Mad Butcher Albany in Auckland has closed its doors for good.
The butcher business, operated by Soncam Limited, closed on Wednesday and was placed into liquidation. Notices have since been put up on the doors of the store.
Peter Jollands of Jollands Callander, who is also the liquidator for other dissolved companies formerly trading under the Mad Butcher brand, has been appointed liquidator.
The Herald has contacted Jollands for comment.
Mad Butcher Albany joins a long list of failed Mad Butcher businesses across the country, including the Glenn Innes branch which was placed into liquidation at the beginning of the month.
Jollands would not answer questions about the liquidated business when he was contacted earlier in the month.
The liquidator's first report for both the companies, outlining what creditors are owed, will be released to the Companies Office in six months.
The Mad Butcher franchise, which was previously owned by NZX-listed Veritas, is co-owned by Michael Morton and partner Julie Leitch, the daughter of founder Sir Peter Leitch.
The pair bought back the business from Veritas for $8 million in July last year for a quarter of the $40m the company purchased it for in 2013.
Mad Butcher store numbers have dramatically decreased, with around 16 store closures in the past few years. In its heyday, the butcher chain had 40 stores throughout the country. Today, about 20 stores make up the Mad Butcher chain.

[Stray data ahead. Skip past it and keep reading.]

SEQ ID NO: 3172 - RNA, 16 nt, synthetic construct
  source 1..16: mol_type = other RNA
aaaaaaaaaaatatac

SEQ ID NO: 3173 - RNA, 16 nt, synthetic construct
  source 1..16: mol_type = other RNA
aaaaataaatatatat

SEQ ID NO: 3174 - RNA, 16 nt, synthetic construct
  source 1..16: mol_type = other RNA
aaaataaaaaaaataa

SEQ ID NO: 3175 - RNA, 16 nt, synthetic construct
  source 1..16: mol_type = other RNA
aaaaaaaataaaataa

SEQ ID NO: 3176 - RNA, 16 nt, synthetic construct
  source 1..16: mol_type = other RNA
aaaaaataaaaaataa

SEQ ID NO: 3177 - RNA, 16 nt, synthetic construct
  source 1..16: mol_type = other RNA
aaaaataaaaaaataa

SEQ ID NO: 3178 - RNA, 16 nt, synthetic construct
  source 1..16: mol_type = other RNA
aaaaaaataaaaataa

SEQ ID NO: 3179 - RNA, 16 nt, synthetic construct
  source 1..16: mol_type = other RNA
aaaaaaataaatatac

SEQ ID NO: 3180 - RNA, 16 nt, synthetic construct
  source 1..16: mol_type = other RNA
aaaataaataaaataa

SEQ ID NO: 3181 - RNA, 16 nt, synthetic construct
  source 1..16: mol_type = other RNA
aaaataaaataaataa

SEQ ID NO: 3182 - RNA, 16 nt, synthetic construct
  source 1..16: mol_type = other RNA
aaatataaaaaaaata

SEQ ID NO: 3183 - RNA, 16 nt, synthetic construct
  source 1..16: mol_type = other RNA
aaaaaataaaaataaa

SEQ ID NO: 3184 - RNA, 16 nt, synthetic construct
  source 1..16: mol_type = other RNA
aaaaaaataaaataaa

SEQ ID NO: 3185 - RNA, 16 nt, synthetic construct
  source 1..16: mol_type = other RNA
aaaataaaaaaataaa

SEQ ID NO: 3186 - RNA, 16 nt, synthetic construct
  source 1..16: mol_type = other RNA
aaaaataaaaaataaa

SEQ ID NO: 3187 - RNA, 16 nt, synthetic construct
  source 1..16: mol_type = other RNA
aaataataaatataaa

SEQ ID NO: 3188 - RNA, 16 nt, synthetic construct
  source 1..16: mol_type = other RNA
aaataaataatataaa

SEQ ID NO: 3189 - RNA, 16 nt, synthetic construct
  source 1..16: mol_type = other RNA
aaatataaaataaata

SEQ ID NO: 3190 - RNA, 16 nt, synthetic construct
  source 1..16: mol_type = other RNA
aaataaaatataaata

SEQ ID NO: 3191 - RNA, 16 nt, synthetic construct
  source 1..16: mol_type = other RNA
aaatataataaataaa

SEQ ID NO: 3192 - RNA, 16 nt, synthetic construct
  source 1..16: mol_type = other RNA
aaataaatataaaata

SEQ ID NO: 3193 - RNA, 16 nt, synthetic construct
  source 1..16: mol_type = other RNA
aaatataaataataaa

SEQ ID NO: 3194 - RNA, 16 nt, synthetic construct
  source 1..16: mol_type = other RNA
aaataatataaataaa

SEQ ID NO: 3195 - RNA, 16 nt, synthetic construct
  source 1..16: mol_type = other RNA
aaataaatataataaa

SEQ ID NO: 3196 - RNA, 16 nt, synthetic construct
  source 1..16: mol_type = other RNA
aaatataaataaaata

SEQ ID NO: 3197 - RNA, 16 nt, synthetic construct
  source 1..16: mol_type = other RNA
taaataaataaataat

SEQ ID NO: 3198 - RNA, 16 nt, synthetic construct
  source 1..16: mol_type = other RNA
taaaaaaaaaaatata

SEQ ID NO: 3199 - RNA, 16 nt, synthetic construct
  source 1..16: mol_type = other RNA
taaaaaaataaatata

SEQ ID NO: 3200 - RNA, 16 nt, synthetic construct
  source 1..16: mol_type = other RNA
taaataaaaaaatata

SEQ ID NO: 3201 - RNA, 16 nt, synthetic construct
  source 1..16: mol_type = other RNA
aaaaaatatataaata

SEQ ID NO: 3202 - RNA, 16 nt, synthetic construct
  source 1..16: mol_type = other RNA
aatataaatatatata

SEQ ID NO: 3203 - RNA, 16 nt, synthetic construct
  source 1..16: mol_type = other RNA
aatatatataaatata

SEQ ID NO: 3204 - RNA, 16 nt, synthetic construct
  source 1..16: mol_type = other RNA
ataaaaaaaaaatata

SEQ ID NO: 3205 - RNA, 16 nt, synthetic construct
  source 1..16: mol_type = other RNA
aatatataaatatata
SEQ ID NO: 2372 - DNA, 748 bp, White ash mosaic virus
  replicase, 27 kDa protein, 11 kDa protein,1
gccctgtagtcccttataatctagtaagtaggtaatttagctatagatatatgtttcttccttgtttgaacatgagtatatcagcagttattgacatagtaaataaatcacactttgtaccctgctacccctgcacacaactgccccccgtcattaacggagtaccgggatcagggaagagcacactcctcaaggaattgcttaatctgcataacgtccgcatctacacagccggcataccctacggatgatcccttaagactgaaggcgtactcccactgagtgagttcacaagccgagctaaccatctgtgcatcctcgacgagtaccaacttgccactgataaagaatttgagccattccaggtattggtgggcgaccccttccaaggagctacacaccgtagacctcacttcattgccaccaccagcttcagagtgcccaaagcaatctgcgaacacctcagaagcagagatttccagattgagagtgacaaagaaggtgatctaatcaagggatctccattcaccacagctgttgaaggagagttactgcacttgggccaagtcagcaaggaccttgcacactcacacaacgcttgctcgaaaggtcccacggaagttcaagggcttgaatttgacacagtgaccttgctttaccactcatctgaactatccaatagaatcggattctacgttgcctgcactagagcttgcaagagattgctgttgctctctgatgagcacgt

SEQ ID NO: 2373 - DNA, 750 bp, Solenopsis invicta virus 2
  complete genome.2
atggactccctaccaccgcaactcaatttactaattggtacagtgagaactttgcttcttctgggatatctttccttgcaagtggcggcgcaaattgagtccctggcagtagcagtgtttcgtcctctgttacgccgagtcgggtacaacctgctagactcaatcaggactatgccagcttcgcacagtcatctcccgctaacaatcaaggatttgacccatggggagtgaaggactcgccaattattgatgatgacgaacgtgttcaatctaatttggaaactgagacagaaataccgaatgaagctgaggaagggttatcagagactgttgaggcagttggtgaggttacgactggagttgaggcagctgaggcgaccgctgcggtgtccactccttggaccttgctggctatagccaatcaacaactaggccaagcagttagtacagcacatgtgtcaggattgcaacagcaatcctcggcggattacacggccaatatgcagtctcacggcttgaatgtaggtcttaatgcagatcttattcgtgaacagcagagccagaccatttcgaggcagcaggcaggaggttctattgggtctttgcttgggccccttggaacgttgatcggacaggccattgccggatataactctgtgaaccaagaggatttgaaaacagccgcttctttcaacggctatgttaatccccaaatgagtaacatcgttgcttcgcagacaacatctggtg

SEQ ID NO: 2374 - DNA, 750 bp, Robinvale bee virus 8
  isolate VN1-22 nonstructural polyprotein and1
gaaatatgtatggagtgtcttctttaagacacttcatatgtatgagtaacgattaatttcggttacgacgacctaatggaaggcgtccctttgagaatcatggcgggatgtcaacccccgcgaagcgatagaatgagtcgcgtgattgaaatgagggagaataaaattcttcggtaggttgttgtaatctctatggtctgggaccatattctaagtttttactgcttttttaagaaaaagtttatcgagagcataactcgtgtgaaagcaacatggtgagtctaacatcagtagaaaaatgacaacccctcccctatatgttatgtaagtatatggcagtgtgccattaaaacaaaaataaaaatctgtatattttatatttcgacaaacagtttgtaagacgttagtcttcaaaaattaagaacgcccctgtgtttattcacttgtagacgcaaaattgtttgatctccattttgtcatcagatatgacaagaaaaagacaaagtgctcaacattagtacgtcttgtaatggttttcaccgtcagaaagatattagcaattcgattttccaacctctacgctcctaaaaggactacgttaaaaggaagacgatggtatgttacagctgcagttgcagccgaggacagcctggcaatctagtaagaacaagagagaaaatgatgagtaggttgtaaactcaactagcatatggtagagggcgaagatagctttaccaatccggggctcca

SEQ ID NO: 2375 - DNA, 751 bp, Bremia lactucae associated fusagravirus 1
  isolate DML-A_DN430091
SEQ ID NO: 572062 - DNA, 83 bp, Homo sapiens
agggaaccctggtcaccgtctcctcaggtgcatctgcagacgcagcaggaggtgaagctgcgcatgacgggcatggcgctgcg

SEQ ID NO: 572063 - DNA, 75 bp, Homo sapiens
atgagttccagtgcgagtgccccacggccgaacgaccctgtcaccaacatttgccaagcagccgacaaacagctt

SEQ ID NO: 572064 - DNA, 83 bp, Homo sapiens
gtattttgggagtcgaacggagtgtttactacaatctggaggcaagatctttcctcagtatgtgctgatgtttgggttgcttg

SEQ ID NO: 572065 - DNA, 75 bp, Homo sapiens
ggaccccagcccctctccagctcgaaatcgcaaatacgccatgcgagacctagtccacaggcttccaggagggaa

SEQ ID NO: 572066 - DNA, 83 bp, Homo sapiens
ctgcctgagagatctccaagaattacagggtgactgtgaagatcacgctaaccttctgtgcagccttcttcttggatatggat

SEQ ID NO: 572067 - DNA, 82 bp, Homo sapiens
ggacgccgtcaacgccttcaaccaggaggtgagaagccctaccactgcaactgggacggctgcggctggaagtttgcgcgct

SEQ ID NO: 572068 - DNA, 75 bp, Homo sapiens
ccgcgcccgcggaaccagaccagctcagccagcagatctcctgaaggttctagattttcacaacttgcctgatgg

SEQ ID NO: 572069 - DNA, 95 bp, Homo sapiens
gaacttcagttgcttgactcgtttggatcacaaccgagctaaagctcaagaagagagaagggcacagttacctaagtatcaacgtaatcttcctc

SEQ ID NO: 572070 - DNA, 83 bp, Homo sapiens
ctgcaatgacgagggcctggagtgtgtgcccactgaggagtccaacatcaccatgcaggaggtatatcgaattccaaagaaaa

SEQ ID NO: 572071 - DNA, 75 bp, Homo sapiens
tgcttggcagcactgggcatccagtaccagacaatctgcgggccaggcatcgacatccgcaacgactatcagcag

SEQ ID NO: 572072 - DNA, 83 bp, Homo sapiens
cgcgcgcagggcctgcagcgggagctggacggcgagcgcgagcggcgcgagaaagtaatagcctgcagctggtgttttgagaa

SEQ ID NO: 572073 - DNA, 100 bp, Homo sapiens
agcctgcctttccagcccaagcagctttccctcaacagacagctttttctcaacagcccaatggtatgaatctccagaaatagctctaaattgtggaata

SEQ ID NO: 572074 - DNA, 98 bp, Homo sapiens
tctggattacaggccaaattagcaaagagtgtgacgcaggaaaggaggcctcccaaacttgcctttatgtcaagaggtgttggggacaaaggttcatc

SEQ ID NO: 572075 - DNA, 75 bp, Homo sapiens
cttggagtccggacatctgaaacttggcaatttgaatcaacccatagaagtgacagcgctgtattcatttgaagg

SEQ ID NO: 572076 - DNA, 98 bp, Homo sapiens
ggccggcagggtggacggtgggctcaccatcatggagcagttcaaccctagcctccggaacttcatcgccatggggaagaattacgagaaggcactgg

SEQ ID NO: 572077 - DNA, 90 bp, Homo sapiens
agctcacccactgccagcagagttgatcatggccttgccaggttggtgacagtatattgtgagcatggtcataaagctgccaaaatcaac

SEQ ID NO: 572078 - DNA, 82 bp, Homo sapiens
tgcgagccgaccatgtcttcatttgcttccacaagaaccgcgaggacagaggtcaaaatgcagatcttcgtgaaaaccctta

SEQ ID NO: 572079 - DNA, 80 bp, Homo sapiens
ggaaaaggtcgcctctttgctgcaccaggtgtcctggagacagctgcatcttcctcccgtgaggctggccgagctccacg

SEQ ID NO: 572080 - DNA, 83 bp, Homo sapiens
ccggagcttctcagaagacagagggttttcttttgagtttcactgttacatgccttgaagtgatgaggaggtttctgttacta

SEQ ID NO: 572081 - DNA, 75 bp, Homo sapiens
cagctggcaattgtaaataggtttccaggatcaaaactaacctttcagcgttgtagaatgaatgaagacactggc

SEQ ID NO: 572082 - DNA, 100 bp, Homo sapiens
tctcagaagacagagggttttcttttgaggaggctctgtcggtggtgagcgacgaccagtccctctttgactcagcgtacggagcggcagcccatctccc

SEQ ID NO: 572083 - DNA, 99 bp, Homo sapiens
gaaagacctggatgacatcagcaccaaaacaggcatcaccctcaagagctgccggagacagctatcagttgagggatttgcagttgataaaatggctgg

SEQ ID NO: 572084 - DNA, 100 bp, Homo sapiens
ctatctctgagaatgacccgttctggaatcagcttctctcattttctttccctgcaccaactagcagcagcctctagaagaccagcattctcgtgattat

The only Mad Butcher store in Whangeri closed its doors in January and last month the former owner was in the Auckland High Court defending an injunction order by Mad Butcher Holdings following the end of his franchise agreement.
Mad Butcher claimed Robert Wightman breached the conditions of his restraint of trade after he opened his own independent butcher shop called The Meat Man in the same site as the previous branded store.
The meat franchise won an interim injunction against the former franchisee and is entitled to costs and reasonable disbursements, conditional on it providing security.
During the trial, Judge Gault heard Wightman had concerns about the financial performance of the Mad Butcher store and that Wightman had asked for help but received no assistance from Mad Butcher.
At the time Wightman said an injunction would "kill" his business. He seeks leave to appeal the High Court decision.